Expropriation is the forced assumption of ownership of private property by a government, often without fair compensation. Nationalization is expropriation by a national government.
For information on:
* history of expropriation, see Nationalization
* expropriation against Native Americans, see Native Law in the U.S.
* expropriation for the purpose of land reform, see The Regime of Paz Estenssoro
* expropriation of industry and natural resources, see Mexican Revolution; Mohammad Mossadegh; Suez Canal: Nationalization
* appropriation by due process of law, with compensation, see Eminent Domain
Main Source: Expropriation, Microsoft® Encarta® Online Encyclopedia 2000
Summary of Expropriation
The seizure of private property by the state. Most countries have legal provisions empowering state agencies to take private property for public purpose, usually upon payment of suitable compensation. In Anglo-American usage, this practice is known as eminent domain. Expropriation differs from eminent domain, in international usage, as an arbitrary act, often motivated by political objectives, and rarely providing for compensation reflective of the property seized. See Act Of State Doctrine.
(Main Author: William J. Miller)
Expropriation in Constitutional Law
From the Comparative Constitutions Project: The government’s act of taking title to property owned by a private party without that party’s consent under the authority of a law or statute.
Foreign Sovereign Immunities Act (a U.S. piece of legislation)
In relation to the international law practice and Foreign Sovereign Immunities Act (a U.S. piece of legislation) in this world legal Encyclopedia, please see the following section:
Privileges and Immunities
About this subject:
Service of Process
Note: there is detailed information and resources under these topics during the year 2013, covered by this entry on Foreign Sovereign Immunities Act (a U.S. piece of legislation) in this law Encyclopedia.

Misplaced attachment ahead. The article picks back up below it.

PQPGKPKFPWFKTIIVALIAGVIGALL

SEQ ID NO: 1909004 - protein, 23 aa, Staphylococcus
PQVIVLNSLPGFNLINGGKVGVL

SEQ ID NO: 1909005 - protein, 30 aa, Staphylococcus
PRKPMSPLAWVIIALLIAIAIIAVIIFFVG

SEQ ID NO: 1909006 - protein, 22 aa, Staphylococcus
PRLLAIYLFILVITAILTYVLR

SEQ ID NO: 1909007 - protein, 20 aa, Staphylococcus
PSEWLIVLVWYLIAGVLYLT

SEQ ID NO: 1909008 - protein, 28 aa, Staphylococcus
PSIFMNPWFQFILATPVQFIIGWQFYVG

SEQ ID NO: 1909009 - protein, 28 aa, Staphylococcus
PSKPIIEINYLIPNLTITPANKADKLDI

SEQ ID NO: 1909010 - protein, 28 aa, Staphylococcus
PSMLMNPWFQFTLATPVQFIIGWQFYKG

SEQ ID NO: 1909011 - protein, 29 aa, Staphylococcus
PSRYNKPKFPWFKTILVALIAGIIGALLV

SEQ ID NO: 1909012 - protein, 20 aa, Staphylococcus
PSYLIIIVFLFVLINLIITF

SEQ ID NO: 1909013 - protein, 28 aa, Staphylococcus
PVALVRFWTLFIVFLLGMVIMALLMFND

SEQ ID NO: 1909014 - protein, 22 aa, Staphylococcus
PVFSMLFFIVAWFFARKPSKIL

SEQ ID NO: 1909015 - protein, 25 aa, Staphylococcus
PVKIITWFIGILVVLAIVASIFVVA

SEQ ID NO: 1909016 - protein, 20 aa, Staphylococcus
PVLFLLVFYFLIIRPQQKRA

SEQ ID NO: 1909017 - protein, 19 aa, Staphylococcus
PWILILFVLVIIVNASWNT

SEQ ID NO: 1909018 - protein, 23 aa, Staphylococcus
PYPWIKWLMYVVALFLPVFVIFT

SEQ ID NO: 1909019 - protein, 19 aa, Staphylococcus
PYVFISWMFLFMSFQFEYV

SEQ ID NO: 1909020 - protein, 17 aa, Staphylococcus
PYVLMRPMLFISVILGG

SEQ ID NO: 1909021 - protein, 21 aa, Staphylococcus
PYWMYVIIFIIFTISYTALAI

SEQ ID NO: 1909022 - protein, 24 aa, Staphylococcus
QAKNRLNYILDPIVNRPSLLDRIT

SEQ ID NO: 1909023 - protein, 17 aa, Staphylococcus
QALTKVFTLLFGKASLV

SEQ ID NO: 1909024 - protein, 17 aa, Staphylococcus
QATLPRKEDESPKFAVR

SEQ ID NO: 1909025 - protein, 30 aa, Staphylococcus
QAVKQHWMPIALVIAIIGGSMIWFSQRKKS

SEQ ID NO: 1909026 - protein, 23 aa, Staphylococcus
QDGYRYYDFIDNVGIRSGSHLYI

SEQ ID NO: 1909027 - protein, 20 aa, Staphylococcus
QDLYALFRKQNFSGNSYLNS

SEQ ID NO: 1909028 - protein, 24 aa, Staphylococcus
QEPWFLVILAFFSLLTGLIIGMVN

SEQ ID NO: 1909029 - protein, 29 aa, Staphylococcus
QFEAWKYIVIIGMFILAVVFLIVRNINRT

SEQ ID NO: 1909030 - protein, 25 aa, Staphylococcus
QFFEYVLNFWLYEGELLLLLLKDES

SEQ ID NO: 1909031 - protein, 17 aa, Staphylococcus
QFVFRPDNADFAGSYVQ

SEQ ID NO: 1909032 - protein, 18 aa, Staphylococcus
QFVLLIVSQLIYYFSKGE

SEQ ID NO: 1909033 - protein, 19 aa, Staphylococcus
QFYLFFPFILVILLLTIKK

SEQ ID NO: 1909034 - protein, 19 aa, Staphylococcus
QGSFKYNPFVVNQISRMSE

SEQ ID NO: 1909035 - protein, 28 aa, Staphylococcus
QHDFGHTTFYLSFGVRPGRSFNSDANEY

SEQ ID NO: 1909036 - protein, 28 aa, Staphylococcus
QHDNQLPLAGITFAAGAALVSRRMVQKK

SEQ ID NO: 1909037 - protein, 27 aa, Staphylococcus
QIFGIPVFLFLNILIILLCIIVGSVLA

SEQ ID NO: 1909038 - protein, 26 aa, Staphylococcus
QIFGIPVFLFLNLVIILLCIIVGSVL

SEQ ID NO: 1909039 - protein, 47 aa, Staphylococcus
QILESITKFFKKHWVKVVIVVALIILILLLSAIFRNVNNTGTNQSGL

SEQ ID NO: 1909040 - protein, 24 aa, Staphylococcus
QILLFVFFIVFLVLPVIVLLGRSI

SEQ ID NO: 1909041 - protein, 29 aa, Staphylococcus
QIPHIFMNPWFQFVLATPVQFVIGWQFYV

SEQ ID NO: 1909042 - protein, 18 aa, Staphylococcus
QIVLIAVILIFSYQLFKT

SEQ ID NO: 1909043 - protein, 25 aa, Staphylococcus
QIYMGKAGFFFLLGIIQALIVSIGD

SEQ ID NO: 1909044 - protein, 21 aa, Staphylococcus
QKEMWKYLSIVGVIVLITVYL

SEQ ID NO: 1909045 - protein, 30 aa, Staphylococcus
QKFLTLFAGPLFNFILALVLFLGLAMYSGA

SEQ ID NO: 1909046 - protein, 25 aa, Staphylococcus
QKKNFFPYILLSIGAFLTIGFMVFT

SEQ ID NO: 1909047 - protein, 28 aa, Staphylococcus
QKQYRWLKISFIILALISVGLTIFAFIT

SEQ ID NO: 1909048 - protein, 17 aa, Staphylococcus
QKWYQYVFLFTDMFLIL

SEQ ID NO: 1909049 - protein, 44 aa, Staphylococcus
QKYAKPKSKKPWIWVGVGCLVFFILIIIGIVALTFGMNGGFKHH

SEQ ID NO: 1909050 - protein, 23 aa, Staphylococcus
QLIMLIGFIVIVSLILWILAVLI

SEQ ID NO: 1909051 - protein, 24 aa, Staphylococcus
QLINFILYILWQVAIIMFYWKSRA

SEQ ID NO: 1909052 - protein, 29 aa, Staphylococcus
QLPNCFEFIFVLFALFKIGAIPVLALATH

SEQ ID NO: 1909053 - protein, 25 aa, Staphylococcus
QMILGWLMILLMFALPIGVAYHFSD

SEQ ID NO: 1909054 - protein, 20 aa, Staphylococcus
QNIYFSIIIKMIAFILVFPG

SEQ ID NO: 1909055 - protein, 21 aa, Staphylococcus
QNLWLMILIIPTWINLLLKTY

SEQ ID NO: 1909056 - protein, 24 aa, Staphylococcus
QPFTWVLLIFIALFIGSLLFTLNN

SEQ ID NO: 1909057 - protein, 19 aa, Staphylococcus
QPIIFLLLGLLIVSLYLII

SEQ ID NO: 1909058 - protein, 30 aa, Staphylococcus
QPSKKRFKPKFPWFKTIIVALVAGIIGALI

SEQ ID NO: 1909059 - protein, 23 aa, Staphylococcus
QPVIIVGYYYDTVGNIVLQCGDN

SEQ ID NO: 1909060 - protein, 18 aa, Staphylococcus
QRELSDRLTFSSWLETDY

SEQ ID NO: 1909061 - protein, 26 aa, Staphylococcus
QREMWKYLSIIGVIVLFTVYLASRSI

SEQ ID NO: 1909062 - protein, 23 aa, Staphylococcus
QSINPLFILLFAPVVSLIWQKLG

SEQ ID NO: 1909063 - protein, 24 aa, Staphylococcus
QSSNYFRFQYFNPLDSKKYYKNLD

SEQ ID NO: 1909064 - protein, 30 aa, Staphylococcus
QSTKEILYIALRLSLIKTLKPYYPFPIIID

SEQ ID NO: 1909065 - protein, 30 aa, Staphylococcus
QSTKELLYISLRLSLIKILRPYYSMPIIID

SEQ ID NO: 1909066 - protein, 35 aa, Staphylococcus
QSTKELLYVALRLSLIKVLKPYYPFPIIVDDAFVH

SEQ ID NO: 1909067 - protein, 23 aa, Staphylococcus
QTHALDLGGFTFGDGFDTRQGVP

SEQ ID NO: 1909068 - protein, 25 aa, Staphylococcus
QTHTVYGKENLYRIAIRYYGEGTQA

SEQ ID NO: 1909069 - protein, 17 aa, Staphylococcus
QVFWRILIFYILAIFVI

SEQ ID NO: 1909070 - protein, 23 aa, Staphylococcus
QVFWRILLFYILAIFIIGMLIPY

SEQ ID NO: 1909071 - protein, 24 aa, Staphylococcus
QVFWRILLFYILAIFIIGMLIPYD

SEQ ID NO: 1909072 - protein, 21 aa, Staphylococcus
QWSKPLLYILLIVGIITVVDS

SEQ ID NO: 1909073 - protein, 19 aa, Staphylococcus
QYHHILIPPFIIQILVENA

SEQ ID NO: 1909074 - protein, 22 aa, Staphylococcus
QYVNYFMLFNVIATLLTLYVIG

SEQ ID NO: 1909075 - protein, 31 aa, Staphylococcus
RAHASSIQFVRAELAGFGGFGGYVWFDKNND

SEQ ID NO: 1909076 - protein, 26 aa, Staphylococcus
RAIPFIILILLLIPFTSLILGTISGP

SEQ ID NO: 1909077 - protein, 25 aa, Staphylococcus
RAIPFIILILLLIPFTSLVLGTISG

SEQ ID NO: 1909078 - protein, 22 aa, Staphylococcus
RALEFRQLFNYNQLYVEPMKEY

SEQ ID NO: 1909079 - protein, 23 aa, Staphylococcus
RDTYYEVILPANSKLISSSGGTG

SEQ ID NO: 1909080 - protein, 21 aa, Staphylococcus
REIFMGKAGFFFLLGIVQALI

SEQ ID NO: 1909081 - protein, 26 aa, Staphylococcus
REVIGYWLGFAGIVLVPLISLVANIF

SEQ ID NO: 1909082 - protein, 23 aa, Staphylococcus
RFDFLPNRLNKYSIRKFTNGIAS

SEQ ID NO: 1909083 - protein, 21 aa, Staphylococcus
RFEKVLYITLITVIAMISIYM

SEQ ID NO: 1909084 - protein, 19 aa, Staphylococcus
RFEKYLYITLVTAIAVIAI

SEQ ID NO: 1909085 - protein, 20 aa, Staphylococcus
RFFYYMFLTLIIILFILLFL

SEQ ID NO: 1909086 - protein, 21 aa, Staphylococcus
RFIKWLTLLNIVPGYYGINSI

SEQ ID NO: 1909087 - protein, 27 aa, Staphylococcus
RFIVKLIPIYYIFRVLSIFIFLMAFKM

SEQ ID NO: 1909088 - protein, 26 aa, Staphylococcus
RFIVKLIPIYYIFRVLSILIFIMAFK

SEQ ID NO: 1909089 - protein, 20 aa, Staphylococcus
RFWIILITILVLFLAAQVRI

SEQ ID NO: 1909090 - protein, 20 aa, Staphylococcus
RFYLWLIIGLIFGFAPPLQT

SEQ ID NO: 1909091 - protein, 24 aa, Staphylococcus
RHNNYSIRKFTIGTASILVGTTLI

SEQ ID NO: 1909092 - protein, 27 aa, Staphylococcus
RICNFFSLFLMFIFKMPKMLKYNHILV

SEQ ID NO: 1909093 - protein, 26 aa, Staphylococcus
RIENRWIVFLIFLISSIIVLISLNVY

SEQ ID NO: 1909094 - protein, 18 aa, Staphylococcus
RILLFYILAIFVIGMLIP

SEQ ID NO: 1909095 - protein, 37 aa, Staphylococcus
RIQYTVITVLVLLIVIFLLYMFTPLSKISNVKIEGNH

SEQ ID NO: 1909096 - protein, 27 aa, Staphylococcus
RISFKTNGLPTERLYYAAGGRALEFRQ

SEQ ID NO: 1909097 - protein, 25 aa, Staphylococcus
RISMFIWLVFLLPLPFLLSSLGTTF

Embracing mainstream international law, this section on expropriation explores the context, history and effect of the area of the law covered here.
Expropriation in Private International Law
This section contain conflict of laws information and cross references related to expropriation on some major countries and additional jurisdictions. It covers key issues involved when citizens face international situations. Information on private international law cases and courts related to expropriation is provided here. Details on private international law books are available here.
- Joint Enterprise
- Joint Venture
- Eva-Maria Kieninger, “Expropriation”, Encyclopedia of Private International Law, Edward Elgar, 2017
- The entry “expropriation” in the Parry and Grant Encyclopaedic Dictionary of International Law (currently, the Encyclopaedic Dictionary of International Law, 2009), Oxford University Press
Hierarchical Display of Expropriation
Concept of Expropriation
Characteristics of Expropriation
Translation of Expropriation
- Spanish: Expropiación
- French: Expropriation
- German: Enteignung
- Italian: Espropriazione
- Portuguese: Expropriação
- Polish: Wywłaszczenie
Thesaurus of Expropriation